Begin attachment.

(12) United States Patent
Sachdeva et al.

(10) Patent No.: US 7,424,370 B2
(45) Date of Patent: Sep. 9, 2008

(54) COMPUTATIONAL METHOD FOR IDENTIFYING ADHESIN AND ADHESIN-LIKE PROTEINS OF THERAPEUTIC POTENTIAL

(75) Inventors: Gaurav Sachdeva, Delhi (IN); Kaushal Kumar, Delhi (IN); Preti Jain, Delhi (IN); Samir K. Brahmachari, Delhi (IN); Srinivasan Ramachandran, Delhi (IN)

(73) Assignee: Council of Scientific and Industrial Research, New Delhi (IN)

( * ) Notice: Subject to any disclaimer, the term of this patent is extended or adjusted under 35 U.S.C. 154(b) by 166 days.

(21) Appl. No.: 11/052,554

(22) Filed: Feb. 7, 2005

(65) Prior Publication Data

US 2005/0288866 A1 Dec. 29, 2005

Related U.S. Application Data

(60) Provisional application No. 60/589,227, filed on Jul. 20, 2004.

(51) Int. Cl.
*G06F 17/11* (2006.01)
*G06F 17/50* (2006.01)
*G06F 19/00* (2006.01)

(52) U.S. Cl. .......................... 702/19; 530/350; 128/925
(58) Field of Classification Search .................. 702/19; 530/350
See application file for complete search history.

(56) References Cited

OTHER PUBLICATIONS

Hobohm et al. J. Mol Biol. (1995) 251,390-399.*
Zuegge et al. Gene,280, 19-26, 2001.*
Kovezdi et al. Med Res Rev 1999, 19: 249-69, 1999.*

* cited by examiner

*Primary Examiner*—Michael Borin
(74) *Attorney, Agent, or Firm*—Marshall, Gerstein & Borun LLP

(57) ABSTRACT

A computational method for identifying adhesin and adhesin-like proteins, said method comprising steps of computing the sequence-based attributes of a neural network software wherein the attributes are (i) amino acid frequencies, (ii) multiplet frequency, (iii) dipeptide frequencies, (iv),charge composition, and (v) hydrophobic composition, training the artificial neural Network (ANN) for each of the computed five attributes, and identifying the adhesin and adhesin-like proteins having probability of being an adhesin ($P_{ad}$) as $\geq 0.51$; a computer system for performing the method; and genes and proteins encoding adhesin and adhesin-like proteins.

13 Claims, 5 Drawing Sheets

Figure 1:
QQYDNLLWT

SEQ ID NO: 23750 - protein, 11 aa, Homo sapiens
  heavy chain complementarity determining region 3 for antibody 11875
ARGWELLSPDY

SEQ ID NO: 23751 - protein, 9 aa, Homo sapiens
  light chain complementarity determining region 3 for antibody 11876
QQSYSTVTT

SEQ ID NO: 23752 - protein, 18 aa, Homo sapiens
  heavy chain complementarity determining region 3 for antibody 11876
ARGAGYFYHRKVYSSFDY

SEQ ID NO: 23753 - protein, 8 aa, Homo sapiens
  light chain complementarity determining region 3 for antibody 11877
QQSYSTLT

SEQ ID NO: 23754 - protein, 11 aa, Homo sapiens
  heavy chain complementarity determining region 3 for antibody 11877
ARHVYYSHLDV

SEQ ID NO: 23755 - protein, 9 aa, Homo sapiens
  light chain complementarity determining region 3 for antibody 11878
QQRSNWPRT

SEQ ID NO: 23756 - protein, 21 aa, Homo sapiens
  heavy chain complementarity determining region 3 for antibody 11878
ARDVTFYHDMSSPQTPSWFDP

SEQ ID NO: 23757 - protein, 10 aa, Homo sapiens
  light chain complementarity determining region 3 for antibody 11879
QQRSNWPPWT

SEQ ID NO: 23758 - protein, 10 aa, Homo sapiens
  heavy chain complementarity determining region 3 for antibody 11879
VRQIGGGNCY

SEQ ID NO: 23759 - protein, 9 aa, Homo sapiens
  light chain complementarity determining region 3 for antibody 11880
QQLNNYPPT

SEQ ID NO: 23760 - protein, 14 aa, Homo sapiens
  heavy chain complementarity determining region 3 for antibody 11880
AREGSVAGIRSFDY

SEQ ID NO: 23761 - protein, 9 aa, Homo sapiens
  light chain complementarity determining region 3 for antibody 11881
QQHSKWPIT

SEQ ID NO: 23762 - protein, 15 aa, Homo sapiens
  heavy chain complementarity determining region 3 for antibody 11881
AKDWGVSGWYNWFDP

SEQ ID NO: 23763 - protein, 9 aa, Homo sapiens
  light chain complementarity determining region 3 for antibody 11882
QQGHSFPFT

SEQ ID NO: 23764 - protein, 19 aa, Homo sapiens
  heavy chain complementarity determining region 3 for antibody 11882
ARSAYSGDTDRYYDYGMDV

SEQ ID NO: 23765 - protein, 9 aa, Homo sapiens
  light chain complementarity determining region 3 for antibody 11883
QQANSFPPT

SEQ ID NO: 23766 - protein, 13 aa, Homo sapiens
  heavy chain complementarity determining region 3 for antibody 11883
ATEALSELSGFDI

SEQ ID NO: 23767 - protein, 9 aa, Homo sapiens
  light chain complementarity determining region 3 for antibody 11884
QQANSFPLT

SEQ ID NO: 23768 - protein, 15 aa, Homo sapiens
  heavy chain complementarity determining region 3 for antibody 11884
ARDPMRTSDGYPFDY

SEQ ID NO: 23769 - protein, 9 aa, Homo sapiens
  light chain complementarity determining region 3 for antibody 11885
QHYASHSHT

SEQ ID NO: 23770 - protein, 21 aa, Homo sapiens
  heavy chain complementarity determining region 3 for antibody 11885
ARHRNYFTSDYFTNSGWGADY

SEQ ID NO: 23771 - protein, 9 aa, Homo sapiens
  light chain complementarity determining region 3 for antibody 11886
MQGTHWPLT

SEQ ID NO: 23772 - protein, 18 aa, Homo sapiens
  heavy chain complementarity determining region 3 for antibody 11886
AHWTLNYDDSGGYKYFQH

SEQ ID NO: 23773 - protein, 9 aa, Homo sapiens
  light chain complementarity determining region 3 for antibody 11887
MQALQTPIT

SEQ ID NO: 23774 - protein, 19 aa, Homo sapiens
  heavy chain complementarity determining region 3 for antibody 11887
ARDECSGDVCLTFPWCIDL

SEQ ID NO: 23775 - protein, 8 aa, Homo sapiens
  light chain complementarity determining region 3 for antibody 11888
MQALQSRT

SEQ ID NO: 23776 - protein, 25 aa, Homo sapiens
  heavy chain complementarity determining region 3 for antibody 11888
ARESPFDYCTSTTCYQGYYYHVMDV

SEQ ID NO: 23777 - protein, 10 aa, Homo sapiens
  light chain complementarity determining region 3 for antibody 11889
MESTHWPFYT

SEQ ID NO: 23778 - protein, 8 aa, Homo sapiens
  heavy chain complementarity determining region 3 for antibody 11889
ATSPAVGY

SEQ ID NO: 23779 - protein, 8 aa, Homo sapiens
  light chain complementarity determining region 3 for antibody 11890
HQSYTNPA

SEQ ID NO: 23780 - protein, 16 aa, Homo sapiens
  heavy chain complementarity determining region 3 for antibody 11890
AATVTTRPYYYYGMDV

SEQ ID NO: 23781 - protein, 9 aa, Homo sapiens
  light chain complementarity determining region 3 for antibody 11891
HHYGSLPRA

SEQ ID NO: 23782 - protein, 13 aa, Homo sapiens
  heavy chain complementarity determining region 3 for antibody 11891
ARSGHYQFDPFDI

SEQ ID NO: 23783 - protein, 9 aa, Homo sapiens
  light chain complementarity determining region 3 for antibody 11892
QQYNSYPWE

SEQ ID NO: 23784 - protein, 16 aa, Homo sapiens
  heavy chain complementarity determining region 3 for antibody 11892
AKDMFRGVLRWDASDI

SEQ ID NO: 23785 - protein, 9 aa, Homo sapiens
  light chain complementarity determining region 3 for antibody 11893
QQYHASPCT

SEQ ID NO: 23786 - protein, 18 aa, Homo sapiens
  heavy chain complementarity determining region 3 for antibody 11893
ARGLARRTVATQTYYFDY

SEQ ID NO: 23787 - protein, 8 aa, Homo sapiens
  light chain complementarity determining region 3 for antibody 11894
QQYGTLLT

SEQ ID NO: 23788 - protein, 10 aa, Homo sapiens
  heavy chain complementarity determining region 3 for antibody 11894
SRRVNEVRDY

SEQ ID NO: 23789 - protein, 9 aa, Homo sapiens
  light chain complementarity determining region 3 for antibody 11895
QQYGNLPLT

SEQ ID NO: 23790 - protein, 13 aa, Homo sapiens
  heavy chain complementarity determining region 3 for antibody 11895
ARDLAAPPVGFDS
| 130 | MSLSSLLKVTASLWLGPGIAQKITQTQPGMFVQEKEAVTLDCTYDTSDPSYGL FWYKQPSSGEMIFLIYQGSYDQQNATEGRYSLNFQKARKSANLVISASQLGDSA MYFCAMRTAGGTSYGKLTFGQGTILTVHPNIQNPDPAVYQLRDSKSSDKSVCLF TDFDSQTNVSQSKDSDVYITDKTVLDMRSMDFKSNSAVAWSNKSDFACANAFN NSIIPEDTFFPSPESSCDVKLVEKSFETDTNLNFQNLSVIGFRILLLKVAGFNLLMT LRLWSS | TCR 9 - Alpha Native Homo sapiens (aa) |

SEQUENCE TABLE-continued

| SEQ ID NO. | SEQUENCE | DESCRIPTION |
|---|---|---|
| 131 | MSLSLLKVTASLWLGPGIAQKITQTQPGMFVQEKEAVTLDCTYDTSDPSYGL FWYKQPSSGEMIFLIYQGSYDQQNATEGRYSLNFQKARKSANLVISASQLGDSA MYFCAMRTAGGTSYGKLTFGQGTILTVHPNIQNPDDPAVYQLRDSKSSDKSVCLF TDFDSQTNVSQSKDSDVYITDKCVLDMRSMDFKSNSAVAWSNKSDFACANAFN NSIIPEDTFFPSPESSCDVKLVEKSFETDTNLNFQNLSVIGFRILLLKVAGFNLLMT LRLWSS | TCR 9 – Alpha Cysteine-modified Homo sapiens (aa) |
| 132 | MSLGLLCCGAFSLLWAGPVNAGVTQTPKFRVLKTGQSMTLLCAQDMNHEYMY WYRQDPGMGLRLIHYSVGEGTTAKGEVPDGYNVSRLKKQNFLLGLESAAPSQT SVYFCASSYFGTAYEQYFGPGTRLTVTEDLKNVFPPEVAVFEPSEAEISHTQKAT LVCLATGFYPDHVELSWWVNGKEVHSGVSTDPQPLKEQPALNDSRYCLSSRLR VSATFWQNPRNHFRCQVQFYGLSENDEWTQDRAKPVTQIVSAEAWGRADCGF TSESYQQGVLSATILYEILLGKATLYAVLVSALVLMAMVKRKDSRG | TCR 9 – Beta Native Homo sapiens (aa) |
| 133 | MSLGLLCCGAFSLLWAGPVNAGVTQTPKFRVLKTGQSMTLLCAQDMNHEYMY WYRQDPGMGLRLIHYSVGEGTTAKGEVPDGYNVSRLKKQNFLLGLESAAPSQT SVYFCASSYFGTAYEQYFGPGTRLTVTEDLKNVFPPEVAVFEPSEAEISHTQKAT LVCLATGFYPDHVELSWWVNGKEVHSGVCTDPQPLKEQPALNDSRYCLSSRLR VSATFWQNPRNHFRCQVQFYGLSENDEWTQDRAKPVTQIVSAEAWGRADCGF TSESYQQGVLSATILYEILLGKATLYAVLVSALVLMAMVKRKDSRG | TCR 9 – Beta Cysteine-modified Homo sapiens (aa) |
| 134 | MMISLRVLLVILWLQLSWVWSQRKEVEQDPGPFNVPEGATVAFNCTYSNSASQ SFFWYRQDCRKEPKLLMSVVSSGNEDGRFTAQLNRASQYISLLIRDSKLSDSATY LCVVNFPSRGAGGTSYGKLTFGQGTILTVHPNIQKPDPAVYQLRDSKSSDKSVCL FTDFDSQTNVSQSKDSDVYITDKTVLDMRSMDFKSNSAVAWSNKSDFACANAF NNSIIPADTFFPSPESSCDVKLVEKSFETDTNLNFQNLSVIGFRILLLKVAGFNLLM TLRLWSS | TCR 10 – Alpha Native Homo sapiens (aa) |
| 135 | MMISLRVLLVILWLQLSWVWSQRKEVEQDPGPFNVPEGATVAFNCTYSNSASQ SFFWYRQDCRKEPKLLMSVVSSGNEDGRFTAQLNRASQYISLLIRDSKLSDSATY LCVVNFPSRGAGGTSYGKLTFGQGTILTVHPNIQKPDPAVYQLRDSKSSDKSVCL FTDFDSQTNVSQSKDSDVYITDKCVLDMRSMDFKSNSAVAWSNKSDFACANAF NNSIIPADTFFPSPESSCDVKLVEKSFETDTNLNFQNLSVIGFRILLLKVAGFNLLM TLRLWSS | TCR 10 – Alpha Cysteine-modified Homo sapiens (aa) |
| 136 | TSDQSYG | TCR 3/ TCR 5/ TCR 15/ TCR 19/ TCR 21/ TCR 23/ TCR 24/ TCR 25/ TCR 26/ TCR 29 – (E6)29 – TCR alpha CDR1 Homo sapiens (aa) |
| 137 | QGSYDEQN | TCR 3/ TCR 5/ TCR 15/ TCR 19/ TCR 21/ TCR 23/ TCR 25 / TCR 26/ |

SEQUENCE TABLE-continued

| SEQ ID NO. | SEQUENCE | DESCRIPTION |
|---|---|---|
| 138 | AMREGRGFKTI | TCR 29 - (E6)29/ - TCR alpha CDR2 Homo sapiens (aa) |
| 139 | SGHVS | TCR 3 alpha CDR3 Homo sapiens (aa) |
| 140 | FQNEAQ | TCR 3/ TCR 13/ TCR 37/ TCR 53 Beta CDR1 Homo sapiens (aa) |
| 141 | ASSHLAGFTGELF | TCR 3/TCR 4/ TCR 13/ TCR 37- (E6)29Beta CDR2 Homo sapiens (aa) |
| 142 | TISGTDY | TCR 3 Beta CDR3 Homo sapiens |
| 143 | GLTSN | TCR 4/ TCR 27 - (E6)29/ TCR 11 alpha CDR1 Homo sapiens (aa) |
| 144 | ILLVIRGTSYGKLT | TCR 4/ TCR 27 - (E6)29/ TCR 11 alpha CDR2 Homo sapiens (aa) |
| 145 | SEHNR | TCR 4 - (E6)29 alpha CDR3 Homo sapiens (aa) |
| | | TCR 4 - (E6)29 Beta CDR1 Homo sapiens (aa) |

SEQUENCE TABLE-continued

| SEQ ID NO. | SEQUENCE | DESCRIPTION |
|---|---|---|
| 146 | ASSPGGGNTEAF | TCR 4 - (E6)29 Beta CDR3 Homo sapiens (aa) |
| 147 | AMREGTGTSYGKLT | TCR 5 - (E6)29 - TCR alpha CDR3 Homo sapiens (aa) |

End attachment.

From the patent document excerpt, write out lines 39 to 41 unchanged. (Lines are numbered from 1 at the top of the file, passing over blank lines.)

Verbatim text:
  light chain complementarity determining region 3 for antibody 11876
QQSYSTVTT

SEQ ID NO: 23752 - protein, 18 aa, Homo sapiens